Jesus did not rebuke Nicodemus or turn him away. Jesus continued, “Truly, truly, I say to you, unless one is born of water and the Spirit he cannot enter into the kingdom of God. That which is born of the flesh is flesh, and that which is born of the Spirit is spirit. Do not be amazed that I said to you, ‘You must be born again.’ The wind blows where it wishes and you hear the sound of it, but do not know where it comes from and where it is going; so is everyone who is born of the Spirit.”
To understand this, we need to understand a little of what Nicodemus already knew. In both Greek and Hebrew, Spirit, breath and wind are the same word. The meaning and the translation all depend on the context. Sometimes, as in this chapter, the word can mean all three things at the same time. If this seems confusing, this three-fold meaning is first used in Genesis Chapter One, verse two: “And the Spirit (wind, breath) of God moved upon the face of the waters.” The Spirit of God is life.
But in the Old Testament the Spirit of God indwelling a person seems to have been rare and temporary. Samson is a clear example of this. When the Spirit of God entered David, it had left Saul. At the same time, the Spirit of God talked to Samuel, but the Word of God never says that it indwelt Samuel. So this idea that Jesus was presenting that being born again of the Spirit was necessary for the kingdom of God was new. He was saying that more than one person could have the Spirit of God at the same time, and that the Spirit would remain in a person permanently.
Also, since the original creation was all water, water is the foundation of the material world. “It escapes their notice that by the word of God the heavens existed long ago and the earth was formed out of water and by water.” (2 Peter 3:5)
So when Jesus told Nicodemus “unless one is born of water (material, of a woman) and the Spirit (breathe, wind) he cannot enter into the kingdom of God,” Nicodemus was amazed. Jesus calmly told him “Do not be amazed.” Jesus said concerning the wind (spirit, breathe) that “you do not know where it comes from and where it is going”. He meant, “There are natural things which you, Nicodemus, do not know.” You will never know everything. As “the teacher of Israel”, Jesus was showing Nicodemus some of his limits.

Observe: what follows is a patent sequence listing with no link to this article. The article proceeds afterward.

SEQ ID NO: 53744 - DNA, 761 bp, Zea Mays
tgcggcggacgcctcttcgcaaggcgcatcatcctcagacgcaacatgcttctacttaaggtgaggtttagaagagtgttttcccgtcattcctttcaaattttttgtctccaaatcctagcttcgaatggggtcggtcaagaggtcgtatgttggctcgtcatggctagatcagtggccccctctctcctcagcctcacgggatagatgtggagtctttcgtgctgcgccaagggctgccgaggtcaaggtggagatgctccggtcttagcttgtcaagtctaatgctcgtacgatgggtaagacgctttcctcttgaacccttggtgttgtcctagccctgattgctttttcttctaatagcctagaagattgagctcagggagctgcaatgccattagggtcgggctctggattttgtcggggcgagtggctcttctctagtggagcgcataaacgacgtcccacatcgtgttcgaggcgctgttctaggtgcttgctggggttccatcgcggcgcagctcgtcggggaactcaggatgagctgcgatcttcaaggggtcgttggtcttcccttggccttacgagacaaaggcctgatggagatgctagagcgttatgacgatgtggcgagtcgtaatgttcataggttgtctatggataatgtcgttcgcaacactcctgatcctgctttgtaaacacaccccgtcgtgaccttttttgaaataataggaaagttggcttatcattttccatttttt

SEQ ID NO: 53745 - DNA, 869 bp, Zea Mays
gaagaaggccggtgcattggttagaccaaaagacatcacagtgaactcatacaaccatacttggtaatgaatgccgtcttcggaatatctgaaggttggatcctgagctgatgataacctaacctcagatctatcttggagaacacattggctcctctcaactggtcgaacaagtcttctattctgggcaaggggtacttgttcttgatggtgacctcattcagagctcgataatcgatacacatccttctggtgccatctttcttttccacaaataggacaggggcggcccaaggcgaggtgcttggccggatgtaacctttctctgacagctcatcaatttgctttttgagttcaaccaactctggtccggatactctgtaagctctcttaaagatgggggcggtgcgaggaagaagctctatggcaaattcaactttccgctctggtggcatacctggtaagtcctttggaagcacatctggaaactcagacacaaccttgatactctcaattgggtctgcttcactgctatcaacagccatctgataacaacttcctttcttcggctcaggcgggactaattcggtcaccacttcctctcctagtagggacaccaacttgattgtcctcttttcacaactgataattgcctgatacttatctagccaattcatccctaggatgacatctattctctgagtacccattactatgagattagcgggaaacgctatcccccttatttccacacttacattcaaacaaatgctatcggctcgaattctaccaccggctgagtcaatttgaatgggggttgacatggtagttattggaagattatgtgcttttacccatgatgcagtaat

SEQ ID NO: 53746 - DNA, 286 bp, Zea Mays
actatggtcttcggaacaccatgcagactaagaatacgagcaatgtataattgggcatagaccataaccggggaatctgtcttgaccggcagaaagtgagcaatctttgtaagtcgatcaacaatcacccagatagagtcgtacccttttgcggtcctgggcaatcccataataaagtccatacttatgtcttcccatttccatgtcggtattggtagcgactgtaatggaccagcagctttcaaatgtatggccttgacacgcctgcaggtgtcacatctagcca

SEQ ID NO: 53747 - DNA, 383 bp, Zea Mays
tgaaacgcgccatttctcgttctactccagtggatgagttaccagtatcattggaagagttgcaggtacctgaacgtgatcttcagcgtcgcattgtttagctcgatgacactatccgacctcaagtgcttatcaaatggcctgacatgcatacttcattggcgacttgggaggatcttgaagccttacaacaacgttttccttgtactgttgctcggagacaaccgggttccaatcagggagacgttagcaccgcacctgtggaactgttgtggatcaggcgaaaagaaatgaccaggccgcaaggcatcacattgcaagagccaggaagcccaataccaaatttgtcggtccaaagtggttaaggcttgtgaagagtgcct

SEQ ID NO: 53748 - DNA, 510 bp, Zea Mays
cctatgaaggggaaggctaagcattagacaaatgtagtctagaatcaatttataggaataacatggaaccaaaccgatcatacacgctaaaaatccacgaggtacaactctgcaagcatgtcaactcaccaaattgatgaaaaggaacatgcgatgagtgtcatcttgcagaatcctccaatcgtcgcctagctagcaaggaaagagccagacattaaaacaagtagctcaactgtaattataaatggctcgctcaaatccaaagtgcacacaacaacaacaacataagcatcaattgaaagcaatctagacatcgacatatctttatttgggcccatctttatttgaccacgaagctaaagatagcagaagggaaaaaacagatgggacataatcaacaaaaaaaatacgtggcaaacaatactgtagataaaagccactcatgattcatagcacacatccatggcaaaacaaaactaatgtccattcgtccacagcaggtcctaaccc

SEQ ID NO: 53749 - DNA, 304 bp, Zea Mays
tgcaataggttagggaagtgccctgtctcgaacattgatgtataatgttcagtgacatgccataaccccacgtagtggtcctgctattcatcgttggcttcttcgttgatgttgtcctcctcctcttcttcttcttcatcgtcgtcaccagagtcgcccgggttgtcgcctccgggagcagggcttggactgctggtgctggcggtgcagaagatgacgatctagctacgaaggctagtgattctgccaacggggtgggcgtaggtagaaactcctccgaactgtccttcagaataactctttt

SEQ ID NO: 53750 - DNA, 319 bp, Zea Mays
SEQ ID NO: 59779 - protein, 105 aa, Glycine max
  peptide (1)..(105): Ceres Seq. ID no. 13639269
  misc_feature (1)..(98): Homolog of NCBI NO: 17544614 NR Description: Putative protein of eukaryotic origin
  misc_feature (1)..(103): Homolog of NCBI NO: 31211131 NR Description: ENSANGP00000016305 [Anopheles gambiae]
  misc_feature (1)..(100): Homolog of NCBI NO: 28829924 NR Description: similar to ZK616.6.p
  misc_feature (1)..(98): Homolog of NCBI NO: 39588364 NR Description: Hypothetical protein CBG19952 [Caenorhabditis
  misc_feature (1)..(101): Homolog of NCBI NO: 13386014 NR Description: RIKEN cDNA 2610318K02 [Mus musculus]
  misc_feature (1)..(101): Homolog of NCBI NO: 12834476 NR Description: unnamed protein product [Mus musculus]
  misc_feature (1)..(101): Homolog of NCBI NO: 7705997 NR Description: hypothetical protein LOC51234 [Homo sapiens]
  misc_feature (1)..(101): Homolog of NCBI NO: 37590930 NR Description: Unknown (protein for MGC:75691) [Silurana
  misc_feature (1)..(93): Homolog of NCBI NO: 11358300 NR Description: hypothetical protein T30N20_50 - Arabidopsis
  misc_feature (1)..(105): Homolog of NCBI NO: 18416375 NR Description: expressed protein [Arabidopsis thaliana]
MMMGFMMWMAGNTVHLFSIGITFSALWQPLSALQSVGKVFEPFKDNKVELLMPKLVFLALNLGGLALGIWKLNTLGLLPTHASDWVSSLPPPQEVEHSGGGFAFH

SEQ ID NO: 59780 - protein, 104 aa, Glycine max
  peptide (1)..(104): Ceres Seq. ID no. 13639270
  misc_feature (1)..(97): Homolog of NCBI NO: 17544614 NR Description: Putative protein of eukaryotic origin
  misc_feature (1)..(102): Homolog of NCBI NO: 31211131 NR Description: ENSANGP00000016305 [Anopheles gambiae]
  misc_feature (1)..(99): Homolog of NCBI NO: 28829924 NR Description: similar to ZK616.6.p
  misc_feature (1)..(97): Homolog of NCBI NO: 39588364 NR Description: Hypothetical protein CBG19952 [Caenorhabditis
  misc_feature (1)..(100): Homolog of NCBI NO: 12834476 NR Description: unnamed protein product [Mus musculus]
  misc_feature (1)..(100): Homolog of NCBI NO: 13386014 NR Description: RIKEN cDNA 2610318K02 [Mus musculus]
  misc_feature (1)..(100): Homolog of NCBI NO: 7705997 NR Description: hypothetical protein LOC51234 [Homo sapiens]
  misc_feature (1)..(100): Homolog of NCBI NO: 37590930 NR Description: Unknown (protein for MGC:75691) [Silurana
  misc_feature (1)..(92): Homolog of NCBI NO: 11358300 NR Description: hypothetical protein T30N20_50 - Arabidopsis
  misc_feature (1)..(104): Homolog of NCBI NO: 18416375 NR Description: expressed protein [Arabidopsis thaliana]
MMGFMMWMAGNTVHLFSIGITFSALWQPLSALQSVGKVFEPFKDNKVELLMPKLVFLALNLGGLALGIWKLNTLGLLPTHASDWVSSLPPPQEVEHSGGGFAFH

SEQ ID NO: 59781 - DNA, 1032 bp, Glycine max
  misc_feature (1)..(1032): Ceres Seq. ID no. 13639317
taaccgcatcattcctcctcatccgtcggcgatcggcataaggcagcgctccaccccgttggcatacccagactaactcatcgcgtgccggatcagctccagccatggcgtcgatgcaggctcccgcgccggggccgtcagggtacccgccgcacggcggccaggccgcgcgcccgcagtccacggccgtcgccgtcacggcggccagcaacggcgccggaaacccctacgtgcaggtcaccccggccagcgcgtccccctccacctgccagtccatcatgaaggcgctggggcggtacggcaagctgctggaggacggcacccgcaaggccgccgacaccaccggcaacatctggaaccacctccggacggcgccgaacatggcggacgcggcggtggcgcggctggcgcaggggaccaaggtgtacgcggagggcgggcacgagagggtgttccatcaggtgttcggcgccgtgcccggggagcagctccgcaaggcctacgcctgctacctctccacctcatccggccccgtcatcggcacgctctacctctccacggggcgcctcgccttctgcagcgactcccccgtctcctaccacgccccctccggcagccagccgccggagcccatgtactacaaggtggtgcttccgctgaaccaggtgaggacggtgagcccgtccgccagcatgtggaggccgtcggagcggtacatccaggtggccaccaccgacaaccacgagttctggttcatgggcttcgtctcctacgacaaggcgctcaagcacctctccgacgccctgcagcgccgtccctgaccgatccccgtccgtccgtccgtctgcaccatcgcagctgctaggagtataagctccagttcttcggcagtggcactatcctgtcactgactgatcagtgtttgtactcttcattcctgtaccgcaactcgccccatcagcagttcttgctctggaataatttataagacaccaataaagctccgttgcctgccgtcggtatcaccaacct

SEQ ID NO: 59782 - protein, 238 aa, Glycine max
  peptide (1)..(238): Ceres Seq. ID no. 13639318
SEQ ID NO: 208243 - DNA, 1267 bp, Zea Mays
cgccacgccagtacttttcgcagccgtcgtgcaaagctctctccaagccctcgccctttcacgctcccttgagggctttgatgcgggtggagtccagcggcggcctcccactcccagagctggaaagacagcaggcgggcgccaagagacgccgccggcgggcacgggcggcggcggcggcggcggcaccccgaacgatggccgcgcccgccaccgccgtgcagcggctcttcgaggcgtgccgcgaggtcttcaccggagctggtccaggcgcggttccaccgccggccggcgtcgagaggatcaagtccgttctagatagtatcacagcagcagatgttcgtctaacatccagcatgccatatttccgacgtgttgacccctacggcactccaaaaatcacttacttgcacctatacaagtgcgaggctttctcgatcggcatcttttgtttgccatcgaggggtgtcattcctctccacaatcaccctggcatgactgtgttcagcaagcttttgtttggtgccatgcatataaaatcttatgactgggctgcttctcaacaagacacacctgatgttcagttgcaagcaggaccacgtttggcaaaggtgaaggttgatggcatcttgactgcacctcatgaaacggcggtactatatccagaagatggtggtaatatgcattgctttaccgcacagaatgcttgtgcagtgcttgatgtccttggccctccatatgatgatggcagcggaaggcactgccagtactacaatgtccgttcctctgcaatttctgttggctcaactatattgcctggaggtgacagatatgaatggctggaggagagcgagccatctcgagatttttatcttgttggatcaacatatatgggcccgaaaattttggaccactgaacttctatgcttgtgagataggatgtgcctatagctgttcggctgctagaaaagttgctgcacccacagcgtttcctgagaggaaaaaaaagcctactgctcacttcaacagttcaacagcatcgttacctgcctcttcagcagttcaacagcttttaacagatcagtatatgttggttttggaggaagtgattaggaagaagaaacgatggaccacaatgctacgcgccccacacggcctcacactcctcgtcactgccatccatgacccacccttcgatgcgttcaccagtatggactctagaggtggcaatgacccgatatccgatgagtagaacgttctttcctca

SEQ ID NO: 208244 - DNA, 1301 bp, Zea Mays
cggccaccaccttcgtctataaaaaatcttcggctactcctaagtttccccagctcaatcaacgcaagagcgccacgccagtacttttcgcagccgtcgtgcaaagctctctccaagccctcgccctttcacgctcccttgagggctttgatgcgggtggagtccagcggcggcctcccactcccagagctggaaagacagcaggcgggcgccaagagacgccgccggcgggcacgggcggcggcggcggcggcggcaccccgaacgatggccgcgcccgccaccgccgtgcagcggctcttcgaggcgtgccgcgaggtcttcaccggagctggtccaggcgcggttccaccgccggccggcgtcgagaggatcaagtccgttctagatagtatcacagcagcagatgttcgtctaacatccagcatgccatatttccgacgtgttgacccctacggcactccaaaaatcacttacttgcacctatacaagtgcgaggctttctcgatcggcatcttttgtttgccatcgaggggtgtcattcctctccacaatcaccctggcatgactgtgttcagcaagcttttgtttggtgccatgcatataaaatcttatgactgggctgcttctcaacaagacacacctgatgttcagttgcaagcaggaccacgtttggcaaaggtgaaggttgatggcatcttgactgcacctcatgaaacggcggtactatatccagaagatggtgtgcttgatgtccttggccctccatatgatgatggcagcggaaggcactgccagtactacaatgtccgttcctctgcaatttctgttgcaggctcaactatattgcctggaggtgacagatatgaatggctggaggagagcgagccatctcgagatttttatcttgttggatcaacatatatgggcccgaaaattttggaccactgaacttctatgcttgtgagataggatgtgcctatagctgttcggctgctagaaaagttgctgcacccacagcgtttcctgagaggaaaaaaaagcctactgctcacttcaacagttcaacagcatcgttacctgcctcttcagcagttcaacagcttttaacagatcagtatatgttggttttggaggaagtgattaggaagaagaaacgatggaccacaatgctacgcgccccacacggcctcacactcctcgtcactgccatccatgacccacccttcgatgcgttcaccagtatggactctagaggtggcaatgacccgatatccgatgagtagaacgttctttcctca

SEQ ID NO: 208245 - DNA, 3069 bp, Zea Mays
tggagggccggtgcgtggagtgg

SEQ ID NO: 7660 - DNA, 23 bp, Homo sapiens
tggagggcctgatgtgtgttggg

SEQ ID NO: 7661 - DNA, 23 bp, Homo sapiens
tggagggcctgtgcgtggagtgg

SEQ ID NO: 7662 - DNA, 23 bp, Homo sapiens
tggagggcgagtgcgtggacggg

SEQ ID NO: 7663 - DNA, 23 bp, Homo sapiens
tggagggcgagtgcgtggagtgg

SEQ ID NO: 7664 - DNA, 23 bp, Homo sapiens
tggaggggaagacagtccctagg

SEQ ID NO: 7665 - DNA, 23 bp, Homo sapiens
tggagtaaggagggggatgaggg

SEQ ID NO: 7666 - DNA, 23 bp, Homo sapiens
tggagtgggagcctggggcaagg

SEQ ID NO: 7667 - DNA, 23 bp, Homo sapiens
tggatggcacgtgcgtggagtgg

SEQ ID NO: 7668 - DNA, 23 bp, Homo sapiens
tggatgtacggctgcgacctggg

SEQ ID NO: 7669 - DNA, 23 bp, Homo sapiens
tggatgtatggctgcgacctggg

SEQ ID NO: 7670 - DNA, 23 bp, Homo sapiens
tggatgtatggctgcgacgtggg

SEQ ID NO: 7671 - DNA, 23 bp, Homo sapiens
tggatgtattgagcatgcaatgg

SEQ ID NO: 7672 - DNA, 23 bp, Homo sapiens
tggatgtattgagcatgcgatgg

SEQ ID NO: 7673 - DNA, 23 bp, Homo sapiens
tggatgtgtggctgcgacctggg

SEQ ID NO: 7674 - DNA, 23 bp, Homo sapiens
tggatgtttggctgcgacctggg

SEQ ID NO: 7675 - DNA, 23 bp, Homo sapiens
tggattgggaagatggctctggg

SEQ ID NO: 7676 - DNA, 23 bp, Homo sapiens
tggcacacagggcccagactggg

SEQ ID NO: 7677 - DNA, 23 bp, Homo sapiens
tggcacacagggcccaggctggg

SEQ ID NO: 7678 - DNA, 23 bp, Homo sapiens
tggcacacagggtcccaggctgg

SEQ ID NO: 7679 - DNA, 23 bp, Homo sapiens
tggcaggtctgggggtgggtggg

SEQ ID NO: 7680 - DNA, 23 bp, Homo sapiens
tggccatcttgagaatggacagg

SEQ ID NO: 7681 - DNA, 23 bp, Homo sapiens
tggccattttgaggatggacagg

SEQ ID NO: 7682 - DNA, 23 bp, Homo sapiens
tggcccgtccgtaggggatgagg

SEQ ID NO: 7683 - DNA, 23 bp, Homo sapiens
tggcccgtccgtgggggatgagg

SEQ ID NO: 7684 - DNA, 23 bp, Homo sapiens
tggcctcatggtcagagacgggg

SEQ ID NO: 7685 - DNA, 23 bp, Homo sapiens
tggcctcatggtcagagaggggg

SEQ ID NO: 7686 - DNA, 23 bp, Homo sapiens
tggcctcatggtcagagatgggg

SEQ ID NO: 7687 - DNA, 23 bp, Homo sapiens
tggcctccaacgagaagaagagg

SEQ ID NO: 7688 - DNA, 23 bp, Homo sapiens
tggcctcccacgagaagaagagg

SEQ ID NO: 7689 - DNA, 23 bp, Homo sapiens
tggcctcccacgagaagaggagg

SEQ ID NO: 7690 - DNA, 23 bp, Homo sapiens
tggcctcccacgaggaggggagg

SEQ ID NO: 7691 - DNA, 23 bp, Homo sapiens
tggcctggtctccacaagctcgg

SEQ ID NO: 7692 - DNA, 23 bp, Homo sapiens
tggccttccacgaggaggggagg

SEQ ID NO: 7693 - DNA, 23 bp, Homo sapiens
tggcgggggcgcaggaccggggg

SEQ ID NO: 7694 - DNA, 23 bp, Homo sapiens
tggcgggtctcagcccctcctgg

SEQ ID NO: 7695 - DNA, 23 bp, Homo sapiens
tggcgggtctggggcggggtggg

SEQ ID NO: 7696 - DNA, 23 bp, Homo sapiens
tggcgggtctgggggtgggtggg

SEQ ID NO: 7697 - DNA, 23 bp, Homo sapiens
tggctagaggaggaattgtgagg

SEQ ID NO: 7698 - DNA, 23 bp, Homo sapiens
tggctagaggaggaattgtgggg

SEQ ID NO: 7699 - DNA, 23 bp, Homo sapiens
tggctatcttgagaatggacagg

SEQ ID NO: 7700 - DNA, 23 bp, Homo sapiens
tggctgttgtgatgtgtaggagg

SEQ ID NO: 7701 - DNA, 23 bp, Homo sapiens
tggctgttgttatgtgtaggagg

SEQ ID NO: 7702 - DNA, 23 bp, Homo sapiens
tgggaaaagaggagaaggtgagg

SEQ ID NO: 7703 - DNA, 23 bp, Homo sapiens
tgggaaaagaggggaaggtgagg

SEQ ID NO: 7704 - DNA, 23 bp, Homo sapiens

Nicodemus admitted his limits with the question, “How can these things be?” Nicodemus understood that Jesus meant that the Spirit of God would indwell many people at the same time. But he did not understand how this was possible.
Most people view Jesus’ reply as a put-down. “Are you the teacher of Israel and do not understand these things?” While it is possible that Jesus was saying that Nicodemus should have known these things, I understand this to mean that Jesus was revealing a mystery to Nicodemus because Nicodemus was ready to receive the mystery. In the Word of God, a mystery is something which can only be revealed by God and cannot be discovered by natural or scientific investigation. As Paul said in 1 Corinthians 15, “Behold I show you a mystery…”
Jesus then changed and spoke to Nicodemus not as an individual, but as the representative of all the teachers of the Law in Israel. “Truly, truly, I say to you, we speak of what we know and testify of what we have seen, and you do not accept our testimony.” Nicodemus would clearly understand that Jesus addressed him as a representative of the Pharisees, perhaps all Jews in leadership. But the plural when Jesus spoke of Himself was difficult to accept. “We speak of what we know and testify of what we have seen, and you do not accept our testimony.” It is possible, but highly unlikely, that Nicodemus mistook Jesus as referring to the disciples.